NEW DELHI: The current crisis in Pakistan will only benefit the hardline Islamic parties in Pakistan, says Mohammad Shehzad. The Islamabad-based journalist, who’s been writing for various Pakistani and foreign publications since 1992 is also the author of The State of Islamic Radicalism in Pakistan, and Love and Fear: Poems Beyond Time. When he’s not busy writing or asking provocative questions on his video channel, he learns the tabla and classical vocal music.
In a wide ranging interview with Ramananda Sengupta, Shehzad said none of the political parties, including Imran Khan’s PTI, would gain from the current financial crisis, which was only strengthening the hands of the Jihadis. And that it was a dangerous thing not just for Pakistan but the entire world. Excerpts:
Q: How bad is the current economic crisis in Pakistan and how can it be resolved?
A: The current crisis is so serious that the other day the Governor of our State Bank was invited by the business community of Karachi. And they created a lot of suspense around a beautiful wooden box, which they presented to him, saying, “Sir, we have a gift for you, ” as if they were gifting him a souvenir. But in that box were the keys of their factories, of their industries. And they said, “Sir, we are in this business for decades, but now we cannot run it. You are the policymaker, now you run it and you prove to us how they can be run”. And trust me, the Governor was very embarrassed, he had no answer.
And then the other day I was listening to a special assistant of Prime Minister Shehbaz Sharif, who publicly admitted that Ishaq Dar, our finance minister, does not meet the business community, and takes directions directly from London, meaning former Prime Minister Nawaz Sharif. So how can we put things back to order?
(Two-time Prime Minister Nawaz Sharif, who was disqualified from holding public office by the Pakistani Supreme Court in 2018 and sentenced to 10 years in prison by an accountability court, went to London on bail for medical treatment and never returned. He is the brother of Shehbaz Sharif)
Q: Will the current financial crisis benefit former Prime Minister Imran Khan, who has been accusing the government of selling out to the West by going to the IMF?
A: I’m not an economist but I can tell you it seems that the Tehreek-e-Taliban or TTP (the Tehreek-e-Taliban-e-Pakistan, an umbrella organization of various Islamist militant groups operating along the Afghan–Pakistani border) is benefiting from the crisis. It’s not going to benefit Imran Khan or his party at all. The reason is simple. The Taliban have taken over Kabul. The TTP is back. We don’t have money to fight the terrorists. Uncle Sam has abandoned us. Uncle Sam created an enemy (The Afghan Taliban), fought with it for 20 years and surrendered before the same enemy. So how can we fight them if Uncle Sam could not defeat them?
The jihadis are benefiting from the current crisis because they are into charity. Many jihadi outfits or religious outfits have set up free langars, where people who are suffering from this crisis can get free food. The state has failed to provide roti, kapda aur makaan (food, clothing and shelter), which was the slogan of the Pakistan People’s Party. These jihadis are providing free food, and during the recent floods, they did wonderful relief work. You would recall that in 2005, even the enemies of these jihadis appreciated their relief work. So the only people this current crisis will benefit are the jihadis. It’s not going to benefit Imran Khan, because Imran Khan was in power for almost four years and the poor became poorer. And it certainly won’t benefit the Pakistan Muslim League (Nawaz), now in power.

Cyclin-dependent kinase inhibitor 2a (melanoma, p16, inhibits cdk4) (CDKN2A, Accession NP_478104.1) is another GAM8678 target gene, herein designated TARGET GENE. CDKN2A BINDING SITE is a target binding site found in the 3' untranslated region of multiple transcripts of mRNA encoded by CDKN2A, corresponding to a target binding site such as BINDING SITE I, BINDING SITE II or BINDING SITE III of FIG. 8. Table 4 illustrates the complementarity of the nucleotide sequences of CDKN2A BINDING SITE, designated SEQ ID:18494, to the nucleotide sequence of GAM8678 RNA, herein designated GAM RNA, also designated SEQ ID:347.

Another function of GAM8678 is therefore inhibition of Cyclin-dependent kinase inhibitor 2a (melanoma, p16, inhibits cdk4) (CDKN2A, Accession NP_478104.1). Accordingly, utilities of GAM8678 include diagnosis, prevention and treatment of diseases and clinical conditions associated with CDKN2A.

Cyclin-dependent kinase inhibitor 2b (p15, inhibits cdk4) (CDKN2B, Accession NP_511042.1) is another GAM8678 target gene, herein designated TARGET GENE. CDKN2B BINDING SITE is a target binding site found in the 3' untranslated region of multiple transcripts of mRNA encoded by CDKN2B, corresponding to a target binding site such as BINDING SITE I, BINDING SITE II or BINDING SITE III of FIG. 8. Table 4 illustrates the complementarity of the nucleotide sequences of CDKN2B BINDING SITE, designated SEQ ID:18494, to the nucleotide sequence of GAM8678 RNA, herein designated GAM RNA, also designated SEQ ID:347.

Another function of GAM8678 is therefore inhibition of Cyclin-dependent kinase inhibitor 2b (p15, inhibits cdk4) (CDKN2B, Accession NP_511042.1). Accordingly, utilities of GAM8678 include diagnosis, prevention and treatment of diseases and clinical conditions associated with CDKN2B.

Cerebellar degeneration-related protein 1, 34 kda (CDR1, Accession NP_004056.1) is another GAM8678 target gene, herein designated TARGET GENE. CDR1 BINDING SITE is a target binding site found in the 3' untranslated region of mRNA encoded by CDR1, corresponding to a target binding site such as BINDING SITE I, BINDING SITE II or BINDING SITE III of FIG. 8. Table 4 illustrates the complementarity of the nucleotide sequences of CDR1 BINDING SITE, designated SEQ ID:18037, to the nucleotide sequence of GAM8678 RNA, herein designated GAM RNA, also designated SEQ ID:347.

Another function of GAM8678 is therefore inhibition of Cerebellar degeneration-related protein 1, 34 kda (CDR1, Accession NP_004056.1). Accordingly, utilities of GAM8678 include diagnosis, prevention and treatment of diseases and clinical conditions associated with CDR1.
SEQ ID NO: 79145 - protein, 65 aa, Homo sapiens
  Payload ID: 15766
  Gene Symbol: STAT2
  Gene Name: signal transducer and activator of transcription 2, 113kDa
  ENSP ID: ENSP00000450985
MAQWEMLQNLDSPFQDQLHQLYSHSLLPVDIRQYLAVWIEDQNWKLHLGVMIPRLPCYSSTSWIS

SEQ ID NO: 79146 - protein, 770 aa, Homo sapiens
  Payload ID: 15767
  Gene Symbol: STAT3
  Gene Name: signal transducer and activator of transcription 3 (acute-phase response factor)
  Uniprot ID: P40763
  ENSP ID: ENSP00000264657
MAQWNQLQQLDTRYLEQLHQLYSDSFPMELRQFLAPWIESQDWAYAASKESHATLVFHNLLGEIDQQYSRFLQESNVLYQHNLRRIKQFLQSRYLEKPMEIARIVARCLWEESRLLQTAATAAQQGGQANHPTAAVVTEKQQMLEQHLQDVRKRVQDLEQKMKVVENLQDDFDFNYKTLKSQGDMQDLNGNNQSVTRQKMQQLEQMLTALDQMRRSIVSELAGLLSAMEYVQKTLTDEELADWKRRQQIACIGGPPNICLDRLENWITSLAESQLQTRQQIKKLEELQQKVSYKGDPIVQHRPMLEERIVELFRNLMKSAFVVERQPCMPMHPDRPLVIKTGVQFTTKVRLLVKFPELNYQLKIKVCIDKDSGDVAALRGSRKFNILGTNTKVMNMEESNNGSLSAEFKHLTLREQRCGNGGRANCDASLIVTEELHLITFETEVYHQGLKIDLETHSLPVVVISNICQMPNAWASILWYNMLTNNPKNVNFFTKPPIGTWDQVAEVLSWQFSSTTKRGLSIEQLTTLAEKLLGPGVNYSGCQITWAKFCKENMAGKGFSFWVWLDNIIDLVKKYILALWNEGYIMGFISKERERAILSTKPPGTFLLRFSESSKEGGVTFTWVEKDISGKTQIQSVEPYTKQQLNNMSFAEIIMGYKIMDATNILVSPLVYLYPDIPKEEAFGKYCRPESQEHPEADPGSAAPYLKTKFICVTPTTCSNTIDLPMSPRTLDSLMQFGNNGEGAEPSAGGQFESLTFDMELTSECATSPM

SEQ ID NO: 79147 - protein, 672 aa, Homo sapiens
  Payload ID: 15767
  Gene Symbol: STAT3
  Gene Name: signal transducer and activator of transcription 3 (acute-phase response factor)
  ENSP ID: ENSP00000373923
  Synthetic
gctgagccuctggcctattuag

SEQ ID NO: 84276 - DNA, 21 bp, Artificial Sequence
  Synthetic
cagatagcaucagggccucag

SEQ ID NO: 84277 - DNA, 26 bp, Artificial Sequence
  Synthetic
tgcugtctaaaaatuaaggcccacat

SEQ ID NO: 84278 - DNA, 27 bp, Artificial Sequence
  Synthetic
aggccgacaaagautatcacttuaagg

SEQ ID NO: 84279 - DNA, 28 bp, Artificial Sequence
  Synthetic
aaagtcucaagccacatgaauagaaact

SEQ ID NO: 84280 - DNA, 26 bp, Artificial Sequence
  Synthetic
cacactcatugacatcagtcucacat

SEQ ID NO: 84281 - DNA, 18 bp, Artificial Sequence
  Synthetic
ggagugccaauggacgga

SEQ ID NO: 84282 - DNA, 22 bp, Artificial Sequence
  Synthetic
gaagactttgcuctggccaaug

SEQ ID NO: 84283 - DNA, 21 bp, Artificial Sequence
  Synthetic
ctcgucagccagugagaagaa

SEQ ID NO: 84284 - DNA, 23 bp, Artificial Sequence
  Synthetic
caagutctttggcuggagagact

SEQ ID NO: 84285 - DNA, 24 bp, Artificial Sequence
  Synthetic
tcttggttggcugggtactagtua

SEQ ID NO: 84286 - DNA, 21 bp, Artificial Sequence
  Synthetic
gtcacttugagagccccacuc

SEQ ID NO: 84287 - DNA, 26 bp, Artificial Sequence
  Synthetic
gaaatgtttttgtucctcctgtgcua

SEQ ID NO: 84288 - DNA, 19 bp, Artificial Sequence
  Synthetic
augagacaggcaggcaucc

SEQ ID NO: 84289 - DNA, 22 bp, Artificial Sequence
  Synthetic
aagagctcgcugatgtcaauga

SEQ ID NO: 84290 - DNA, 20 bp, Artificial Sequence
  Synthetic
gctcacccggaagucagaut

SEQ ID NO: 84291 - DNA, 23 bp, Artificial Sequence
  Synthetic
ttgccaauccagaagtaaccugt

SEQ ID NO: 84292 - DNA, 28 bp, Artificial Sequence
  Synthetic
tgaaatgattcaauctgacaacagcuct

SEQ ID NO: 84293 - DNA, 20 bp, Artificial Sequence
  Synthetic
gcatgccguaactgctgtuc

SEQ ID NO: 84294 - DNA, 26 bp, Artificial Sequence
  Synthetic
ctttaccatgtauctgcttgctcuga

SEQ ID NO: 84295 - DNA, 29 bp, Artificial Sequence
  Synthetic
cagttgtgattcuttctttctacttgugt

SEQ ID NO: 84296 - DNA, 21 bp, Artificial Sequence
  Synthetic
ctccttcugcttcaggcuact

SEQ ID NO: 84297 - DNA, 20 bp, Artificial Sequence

It is a dangerous situation not just for Pakistan but for our neighbours as well. If the TTP took over Pakistan, their next target will be India and then rest of the world. So right now, I believe that the international community should help Pakistan generously, otherwise this scourge will spread to every corner of the world. If we became bankrupt, if we became a lawless state, if there is a civil war here, it will certainly affect the rest of the world very badly too.
Q: So what does one do now?
A: I was reading a column by my favourite columnist, Ayaz Amir, where he quoted Chairman Mao of China as saying that when a crisis touches its peak, and it cannot get any worse, that is the time when you will find a solution.
But he was Chairman Mao and they were Chinese, we are not. Imran Khan is not Chairman Mao. Nawaz Sharif is not Chairman Mao, we are not Chinese people. Now the question is that, can we Pakistanis find a solution when our situation has become the worst? No, I don’t think so. I think more than us the international community is more worried about our situation, as it fears that a bankrupt Pakistan, a lawless Pakistan marked by civil war is not good for their interests. So they should help Pakistan, and I think they are helping.